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Barr Says No Need For Special Counsel For Hunter Biden Probe, Election Fraud Claims

Attorney General William Barr holds a news conference on Monday.
Attorney General William Barr holds a news conference on Monday.

Attorney General William Barr said Monday he sees no reason to appoint a special counsel to lead the ongoing federal investigation into Hunter Biden or to further probe President Trump's claims of widespread fraud in the 2020 election.

The comments from Barr, delivered at what was likely his final news conference as attorney general, put a damper on two ideas that the president has reportedly raised in recent days. But Barr's ability to influence events all but disappears Wednesday when he will step down as attorney general.

President-elect Joe Biden's son, Hunter, announced this month that he's under federal investigation for potential tax issues. President Trump has fumed since news of the probe came to light, arguing that Barr should have made the investigation public before the election — in contravention of department policy.

Some Republicans are pushing for the Justice Department to name a special counsel to handle the probe, which would add an extra layer of protection from potential political influence in a sensitive case involving the president-elect's son.Asked whether he agreed with the idea, Barr said no.

"I think it's being handled responsibly and professionally currently within the department, and to this point I have seen to reason to appoint a special counsel, and I have no plan to do so before I leave," he told reporters.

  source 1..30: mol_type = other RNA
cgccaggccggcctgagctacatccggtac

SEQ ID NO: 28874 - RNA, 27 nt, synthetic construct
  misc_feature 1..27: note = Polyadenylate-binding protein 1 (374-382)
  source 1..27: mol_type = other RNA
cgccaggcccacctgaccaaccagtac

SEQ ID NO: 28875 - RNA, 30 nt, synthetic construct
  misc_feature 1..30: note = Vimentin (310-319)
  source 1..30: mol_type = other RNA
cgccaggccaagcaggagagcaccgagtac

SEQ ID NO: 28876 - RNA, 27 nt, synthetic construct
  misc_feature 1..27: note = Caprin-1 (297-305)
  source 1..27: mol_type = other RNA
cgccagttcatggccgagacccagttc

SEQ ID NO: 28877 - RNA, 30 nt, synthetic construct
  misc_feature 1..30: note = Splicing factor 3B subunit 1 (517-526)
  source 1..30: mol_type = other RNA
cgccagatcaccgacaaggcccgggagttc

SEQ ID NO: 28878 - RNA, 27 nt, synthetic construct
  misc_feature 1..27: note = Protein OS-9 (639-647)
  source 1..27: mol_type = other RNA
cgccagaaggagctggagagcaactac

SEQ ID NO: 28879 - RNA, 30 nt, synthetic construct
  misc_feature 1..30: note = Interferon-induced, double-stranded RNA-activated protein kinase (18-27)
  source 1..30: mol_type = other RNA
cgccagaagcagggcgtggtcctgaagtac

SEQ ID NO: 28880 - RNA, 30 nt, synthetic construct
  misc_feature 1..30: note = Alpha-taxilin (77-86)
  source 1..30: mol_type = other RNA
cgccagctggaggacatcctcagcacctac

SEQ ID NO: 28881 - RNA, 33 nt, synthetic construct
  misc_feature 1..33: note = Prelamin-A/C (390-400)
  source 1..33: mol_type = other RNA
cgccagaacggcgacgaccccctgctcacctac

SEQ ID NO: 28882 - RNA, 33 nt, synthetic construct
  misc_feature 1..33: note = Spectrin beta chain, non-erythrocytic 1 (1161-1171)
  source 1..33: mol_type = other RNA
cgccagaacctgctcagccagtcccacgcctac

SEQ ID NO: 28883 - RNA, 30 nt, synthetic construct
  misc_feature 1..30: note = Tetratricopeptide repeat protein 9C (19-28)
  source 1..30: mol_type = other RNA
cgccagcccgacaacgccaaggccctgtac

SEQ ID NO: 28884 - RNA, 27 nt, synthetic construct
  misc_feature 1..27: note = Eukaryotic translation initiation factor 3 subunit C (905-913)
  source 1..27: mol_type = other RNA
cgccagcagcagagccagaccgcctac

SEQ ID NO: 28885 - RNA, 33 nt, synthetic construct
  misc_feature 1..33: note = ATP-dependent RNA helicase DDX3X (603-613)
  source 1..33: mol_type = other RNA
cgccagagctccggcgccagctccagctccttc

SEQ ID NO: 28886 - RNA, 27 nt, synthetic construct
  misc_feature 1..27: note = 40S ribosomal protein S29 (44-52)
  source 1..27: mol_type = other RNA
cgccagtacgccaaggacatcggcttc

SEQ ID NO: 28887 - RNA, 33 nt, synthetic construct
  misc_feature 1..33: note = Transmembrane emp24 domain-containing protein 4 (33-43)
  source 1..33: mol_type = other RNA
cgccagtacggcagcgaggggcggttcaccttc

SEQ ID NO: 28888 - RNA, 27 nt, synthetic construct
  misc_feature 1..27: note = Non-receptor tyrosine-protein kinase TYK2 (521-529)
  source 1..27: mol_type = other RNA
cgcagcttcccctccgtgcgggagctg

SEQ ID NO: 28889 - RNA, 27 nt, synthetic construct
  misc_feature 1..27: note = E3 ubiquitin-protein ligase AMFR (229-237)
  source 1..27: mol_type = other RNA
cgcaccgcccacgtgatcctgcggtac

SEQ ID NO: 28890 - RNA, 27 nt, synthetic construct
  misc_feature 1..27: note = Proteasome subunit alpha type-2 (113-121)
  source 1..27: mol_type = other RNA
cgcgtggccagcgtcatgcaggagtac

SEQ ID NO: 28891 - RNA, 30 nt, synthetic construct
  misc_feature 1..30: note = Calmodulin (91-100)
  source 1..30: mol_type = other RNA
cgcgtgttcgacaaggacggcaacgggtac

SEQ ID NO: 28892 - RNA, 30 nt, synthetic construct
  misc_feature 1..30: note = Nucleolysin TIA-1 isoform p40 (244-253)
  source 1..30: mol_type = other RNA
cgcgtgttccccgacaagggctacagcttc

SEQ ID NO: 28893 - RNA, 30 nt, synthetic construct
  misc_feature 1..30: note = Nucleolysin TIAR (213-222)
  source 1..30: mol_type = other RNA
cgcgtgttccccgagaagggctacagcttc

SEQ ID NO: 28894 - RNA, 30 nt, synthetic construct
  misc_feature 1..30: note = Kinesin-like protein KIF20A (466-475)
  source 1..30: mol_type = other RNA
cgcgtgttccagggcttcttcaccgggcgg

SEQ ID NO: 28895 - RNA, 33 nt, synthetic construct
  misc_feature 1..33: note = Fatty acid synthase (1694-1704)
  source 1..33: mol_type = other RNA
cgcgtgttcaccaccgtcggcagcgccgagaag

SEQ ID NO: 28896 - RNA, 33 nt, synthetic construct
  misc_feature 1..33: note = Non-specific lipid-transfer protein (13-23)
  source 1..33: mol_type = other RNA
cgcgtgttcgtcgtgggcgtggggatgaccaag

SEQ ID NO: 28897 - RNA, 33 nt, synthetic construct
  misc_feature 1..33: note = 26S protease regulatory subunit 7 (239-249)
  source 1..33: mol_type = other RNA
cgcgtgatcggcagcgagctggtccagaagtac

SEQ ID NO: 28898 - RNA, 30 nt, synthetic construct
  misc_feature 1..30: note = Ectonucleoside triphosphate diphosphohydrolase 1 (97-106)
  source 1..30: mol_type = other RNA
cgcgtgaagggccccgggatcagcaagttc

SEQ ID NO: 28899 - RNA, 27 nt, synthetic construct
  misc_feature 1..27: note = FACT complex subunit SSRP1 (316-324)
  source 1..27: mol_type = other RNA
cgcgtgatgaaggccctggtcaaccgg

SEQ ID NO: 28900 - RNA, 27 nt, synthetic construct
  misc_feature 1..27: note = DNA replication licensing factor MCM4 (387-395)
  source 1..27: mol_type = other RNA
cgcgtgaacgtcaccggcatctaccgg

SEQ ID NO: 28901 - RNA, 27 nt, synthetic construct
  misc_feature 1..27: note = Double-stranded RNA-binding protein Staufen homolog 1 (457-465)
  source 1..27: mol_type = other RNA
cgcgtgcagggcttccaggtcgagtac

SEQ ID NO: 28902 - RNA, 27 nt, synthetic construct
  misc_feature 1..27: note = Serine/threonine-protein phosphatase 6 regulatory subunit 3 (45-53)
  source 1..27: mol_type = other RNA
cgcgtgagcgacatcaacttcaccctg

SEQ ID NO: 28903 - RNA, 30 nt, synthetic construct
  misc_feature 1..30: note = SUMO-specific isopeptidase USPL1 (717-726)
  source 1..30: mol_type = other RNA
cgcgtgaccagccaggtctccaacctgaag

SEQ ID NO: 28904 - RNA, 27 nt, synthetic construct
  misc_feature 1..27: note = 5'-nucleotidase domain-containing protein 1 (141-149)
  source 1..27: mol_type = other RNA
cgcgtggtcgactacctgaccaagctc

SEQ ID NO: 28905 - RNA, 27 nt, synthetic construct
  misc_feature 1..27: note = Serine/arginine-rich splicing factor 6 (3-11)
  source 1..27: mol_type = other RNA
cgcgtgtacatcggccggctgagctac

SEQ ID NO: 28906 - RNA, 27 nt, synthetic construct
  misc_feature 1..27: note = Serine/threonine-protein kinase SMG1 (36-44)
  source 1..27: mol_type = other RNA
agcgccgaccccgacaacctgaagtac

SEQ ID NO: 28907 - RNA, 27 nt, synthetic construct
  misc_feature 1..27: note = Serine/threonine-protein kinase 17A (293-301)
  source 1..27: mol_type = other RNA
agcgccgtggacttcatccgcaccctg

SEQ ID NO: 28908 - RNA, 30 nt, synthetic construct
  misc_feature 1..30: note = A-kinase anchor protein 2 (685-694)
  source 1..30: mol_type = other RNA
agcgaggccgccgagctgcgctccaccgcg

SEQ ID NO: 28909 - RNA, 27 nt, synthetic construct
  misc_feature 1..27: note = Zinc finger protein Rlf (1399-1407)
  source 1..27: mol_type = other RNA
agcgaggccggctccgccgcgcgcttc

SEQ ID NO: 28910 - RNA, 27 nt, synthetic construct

The U.S. Attorney's Office in Delaware is leading the investigation.

Barr was also asked whether he saw the need to appoint a special counsel to investigate the president's baseless allegations of widespread voter fraud.

Barr has previously said the department looked into allegations and found no evidence of systemic fraud that would change the election's outcome. On Monday, Barr said he stood by those remarks.

"If I thought a special counsel at this stage was the right tool and was appropriate, I would name one but I haven't and I'm not going to," he said.

According to media reports, the president has discussed with advisers possibly appointing a special counsel for alleged election fraud. Trump reportedly raised the idea of naming Sidney Powell, a lawyer who represented Trump's former national security adviser Michael Flynn, for the role. Powell has also taken a very public role pushing the president's baseless claims of fraud.

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